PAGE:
Songquan Deng /
22 April 2015Americas

Canada’s Supreme Court throws out Sanofi compensation appeal

The Supreme Court of Canada has dismissed an appeal by French pharmaceutical company Sanofi in its patent dispute with Canadian generic drug maker Apotex.

Sanofi had appealed against the Federal Court of Appeal’s decision that it must compensate Apotex for lost sales of generic Ramipril, a hypertension drug.

But in a ruling issued on Monday (April 20), the court threw out Sanofi’s appeal.

Sanofi had patent rights covering Ramipril and uses of the drug in Canada. It markets Ramipril in Canada under the name Altace.

It had applied to stop Apotex, which sought to enter the Canadian market with a generic version of Ramipril, from receiving a notice of compliance (NOC)—marketing approval—after arguing the product would infringe its patent rights.

Apotex eventually received marketing approval (NOC) from the minister of health, though its market entry had been delayed by Sanofi’s litigation from April 2004 to December 2006.

Under section 8 of Canada’s Patented Medicines (Notice of Compliance) Regulations (NOC Regulations), if an innovator company is unsuccessful in its application to stop a generic from receiving a NOC, then it must compensate the generic company for any lost profits due to delayed market entry.

The trial judge at the federal court, Judith Snider, agreed with Apotex that it was entitled to compensation, although the specific amount of damages subsequently paid was kept confidential.

Snider assumed that the NOC Regulations would apply to delay the generic competitors of the generic section 8 damages claimant, as they did in the real world, subject to evidence to the contrary.

Both Sanofi and Apotex appealed against different components of the federal court’s decision.

The appeals court considered what framework should be applied in order to determine how much compensation should be paid, delivering its decision in March 2014.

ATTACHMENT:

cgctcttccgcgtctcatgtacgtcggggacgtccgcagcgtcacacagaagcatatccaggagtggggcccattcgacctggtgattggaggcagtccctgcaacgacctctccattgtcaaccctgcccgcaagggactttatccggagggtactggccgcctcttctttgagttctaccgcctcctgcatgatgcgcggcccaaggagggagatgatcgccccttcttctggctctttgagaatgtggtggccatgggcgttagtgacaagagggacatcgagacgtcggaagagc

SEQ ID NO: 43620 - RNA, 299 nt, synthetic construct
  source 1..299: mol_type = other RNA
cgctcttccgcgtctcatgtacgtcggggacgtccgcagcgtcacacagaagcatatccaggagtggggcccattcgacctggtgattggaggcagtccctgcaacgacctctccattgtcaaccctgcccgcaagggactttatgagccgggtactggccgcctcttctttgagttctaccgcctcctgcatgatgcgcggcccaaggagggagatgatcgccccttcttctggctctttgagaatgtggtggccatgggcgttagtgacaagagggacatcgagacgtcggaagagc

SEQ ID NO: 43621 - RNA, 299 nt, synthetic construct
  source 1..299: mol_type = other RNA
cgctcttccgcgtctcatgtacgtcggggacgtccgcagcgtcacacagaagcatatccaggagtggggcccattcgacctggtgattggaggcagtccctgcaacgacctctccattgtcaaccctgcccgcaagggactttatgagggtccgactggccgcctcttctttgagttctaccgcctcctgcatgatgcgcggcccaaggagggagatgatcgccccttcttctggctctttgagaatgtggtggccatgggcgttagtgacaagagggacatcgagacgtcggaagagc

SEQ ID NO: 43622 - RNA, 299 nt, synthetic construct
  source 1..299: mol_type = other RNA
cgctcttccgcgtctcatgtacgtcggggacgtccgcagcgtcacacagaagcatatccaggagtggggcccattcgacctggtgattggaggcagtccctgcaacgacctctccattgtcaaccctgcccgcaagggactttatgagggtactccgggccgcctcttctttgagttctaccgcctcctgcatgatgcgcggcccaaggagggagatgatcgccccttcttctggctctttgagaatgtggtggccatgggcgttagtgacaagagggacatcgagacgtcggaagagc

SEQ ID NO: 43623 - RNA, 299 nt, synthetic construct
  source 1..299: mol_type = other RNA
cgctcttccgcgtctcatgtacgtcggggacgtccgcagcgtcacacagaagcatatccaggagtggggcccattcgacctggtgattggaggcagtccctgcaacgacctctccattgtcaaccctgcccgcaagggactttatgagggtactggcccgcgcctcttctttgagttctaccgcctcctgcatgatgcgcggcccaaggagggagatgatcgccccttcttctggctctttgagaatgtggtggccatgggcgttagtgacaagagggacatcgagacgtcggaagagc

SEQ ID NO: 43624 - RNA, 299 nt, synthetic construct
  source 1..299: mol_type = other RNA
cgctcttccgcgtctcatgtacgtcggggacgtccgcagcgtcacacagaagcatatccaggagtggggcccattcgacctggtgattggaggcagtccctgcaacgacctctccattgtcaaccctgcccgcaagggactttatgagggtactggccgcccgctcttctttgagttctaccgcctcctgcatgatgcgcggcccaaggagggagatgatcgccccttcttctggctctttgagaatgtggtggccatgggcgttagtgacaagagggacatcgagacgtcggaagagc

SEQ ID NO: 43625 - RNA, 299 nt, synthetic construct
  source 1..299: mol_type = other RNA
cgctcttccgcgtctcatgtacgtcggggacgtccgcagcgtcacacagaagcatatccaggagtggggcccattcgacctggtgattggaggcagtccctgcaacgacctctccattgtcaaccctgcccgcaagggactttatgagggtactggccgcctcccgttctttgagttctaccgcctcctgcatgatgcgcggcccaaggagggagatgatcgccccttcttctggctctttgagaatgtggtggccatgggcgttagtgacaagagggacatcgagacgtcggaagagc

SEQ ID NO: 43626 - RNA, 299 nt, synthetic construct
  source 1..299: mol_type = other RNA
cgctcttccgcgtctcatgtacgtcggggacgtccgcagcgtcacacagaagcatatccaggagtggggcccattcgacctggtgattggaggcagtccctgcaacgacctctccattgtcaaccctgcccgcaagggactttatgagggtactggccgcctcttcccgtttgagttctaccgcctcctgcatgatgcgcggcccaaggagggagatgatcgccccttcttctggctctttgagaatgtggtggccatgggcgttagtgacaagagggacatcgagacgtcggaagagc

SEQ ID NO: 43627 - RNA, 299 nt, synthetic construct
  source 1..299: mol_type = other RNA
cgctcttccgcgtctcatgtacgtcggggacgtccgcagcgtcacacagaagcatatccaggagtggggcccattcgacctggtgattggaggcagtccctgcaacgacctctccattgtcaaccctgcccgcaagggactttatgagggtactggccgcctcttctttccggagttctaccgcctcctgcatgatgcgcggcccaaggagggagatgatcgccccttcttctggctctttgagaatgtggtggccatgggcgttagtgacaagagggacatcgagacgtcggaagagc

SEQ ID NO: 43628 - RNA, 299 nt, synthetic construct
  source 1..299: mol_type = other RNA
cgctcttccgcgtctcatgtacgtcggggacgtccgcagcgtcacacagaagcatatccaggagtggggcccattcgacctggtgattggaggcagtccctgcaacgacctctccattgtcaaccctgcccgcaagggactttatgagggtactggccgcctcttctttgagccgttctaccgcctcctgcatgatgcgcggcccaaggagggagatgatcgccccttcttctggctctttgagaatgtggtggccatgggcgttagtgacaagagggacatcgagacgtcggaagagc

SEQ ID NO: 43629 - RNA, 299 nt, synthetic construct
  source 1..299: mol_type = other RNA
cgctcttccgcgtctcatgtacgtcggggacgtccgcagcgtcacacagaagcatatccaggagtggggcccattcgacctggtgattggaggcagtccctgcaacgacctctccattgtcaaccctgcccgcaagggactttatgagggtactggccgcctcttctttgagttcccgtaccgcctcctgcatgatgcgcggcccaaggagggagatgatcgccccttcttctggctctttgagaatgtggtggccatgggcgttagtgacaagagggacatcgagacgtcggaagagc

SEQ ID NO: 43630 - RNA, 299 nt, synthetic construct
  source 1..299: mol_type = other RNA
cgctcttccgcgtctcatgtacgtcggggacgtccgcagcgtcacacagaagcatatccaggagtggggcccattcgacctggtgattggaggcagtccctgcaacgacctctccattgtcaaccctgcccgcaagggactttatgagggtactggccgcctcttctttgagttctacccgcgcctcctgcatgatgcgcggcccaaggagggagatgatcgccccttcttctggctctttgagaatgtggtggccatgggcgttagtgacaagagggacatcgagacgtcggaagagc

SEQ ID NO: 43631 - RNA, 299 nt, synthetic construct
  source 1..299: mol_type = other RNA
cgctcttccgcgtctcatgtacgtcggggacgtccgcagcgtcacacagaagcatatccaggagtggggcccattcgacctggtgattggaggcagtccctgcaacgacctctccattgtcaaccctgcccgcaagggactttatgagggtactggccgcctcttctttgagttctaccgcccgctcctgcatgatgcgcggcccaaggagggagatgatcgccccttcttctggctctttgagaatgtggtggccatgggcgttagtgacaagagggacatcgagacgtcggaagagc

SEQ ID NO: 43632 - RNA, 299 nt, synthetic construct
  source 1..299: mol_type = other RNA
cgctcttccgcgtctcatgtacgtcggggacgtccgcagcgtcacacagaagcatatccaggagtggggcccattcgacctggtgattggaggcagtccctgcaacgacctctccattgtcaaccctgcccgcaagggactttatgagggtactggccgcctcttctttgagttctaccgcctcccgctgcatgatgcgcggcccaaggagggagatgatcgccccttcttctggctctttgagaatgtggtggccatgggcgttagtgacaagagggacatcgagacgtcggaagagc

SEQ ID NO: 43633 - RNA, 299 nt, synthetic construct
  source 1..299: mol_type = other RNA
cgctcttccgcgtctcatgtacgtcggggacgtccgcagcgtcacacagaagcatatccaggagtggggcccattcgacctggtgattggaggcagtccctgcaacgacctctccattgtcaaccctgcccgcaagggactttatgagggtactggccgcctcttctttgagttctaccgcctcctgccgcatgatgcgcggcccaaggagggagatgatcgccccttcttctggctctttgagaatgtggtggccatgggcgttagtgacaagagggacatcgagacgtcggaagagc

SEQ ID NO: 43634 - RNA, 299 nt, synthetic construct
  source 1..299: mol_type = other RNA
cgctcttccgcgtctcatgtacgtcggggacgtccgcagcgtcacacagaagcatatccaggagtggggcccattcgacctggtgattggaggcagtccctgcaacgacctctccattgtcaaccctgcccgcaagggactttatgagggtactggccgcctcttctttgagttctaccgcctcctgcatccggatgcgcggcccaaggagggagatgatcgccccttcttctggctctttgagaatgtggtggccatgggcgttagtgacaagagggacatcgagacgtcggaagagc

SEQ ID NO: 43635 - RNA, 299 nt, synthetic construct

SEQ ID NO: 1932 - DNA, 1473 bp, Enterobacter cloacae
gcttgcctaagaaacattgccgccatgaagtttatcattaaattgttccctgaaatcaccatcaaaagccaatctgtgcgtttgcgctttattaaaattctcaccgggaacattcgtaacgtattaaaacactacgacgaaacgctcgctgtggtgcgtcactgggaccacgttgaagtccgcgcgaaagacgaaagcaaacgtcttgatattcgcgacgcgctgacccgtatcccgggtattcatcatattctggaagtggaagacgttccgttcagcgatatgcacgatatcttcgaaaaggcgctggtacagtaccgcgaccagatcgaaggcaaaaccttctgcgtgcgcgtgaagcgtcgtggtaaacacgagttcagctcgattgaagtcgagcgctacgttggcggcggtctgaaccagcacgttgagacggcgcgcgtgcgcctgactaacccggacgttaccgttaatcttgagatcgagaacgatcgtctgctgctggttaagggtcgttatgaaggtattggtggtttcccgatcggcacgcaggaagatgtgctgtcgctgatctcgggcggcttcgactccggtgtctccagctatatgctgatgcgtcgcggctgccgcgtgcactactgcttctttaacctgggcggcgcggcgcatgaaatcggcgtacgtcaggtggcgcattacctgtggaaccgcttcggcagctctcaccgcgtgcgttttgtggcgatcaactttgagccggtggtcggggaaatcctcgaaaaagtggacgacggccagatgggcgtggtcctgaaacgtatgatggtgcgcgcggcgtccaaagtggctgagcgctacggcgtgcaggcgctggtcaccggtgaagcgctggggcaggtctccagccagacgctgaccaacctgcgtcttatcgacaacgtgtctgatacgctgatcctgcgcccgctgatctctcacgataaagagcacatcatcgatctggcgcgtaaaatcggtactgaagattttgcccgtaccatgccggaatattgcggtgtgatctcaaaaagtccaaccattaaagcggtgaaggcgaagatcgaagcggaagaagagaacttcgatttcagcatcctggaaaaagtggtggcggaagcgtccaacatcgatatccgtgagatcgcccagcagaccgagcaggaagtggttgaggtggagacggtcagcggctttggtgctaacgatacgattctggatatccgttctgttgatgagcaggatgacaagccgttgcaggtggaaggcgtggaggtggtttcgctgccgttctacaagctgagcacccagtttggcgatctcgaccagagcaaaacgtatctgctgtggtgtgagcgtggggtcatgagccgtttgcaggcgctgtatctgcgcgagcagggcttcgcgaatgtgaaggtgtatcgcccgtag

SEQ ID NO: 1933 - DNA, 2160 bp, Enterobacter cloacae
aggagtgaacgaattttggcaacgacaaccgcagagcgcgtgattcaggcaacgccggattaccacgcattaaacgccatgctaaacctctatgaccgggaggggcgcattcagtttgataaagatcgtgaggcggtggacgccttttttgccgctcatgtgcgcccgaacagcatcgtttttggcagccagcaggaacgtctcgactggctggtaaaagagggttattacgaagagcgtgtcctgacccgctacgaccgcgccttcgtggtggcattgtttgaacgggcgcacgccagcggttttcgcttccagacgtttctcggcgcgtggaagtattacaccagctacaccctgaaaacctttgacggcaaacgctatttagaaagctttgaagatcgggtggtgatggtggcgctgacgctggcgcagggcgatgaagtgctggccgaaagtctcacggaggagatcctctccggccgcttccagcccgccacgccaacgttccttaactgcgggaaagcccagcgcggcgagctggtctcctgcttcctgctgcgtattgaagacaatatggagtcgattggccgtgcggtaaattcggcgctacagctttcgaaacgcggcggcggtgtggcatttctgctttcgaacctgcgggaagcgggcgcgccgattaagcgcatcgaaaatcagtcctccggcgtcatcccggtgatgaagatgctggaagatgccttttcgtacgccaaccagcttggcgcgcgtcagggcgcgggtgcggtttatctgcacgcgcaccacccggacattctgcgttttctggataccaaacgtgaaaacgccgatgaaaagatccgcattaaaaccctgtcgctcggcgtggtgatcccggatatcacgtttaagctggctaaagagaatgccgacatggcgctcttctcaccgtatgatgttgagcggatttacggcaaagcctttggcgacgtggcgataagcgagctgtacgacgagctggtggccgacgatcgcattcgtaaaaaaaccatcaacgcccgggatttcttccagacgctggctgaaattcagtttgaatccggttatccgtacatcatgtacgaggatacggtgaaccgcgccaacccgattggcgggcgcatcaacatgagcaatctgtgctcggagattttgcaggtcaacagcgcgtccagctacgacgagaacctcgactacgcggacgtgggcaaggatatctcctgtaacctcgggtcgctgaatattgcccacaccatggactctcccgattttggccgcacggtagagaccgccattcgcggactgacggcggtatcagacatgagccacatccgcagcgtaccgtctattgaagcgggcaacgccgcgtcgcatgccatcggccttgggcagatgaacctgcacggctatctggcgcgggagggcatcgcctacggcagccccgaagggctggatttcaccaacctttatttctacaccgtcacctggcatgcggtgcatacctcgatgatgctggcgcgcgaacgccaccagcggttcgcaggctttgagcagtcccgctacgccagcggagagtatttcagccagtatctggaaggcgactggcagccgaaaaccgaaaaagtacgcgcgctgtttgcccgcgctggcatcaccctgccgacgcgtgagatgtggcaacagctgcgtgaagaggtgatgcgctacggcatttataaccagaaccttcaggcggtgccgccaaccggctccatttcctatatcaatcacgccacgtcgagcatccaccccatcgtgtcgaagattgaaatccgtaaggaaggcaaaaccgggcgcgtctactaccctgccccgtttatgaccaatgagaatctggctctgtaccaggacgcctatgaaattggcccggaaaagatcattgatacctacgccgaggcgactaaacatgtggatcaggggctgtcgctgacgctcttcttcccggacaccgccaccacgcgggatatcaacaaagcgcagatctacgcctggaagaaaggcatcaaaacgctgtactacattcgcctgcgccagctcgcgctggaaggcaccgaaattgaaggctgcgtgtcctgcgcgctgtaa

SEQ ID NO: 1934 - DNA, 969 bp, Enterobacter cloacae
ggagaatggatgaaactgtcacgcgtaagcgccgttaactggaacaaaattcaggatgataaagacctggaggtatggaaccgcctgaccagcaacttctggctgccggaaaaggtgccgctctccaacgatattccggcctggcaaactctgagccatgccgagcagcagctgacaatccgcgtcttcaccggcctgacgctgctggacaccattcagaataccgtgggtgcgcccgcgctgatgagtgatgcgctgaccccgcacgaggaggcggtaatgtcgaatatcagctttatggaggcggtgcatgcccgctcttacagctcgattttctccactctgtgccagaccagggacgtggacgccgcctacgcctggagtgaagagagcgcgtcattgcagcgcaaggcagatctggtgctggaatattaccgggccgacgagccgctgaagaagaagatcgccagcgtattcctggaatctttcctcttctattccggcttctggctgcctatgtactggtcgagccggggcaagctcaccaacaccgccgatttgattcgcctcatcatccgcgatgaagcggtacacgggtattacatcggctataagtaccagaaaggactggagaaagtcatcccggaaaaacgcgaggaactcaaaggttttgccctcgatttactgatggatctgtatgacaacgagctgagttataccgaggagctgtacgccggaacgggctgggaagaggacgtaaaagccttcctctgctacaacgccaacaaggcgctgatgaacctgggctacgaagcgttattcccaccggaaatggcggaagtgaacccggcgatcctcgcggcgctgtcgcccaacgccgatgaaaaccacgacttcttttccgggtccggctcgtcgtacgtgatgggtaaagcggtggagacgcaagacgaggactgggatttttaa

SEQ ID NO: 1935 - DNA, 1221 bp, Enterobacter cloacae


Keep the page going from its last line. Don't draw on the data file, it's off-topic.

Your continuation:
At the hearing, Sanofi argued that the trial judge had erred in her construction of the “hypothetical market” and said it would result in overcompensation in damages to be paid when coupled with the amount Sanofi paid Teva in a companion Ramipril case.

The appeals court, in a 2-1 decision, agreed with the trial judge.

Judge Karen Sharlow, joined by Judge Denis Pelletier, said that the methodology Snider adopted is “more consistent with the language and purpose of the NOC Regulations than the open season methodology”—which means every potential competitor should be assumed to enter the market unimpeded by the NOC Regulations.

However, Judge Robert Mainville dissented, concluding that the framework employed by Snider would inherently overcompensate in the case of multiple section 8 damages claimants. He offered support for the “open season methodology”.

A spokesperson for Sanofi told LSIPR that the company was disappointed with the ruling, and added: “In Sanofi Canada’s estimation, this decision further reinforces a lack of predictability in the current business environment and has the potential to negatively impact global investments in research and development for innovative medicines in Canada.”

Apotex did not respond to a request for comment.

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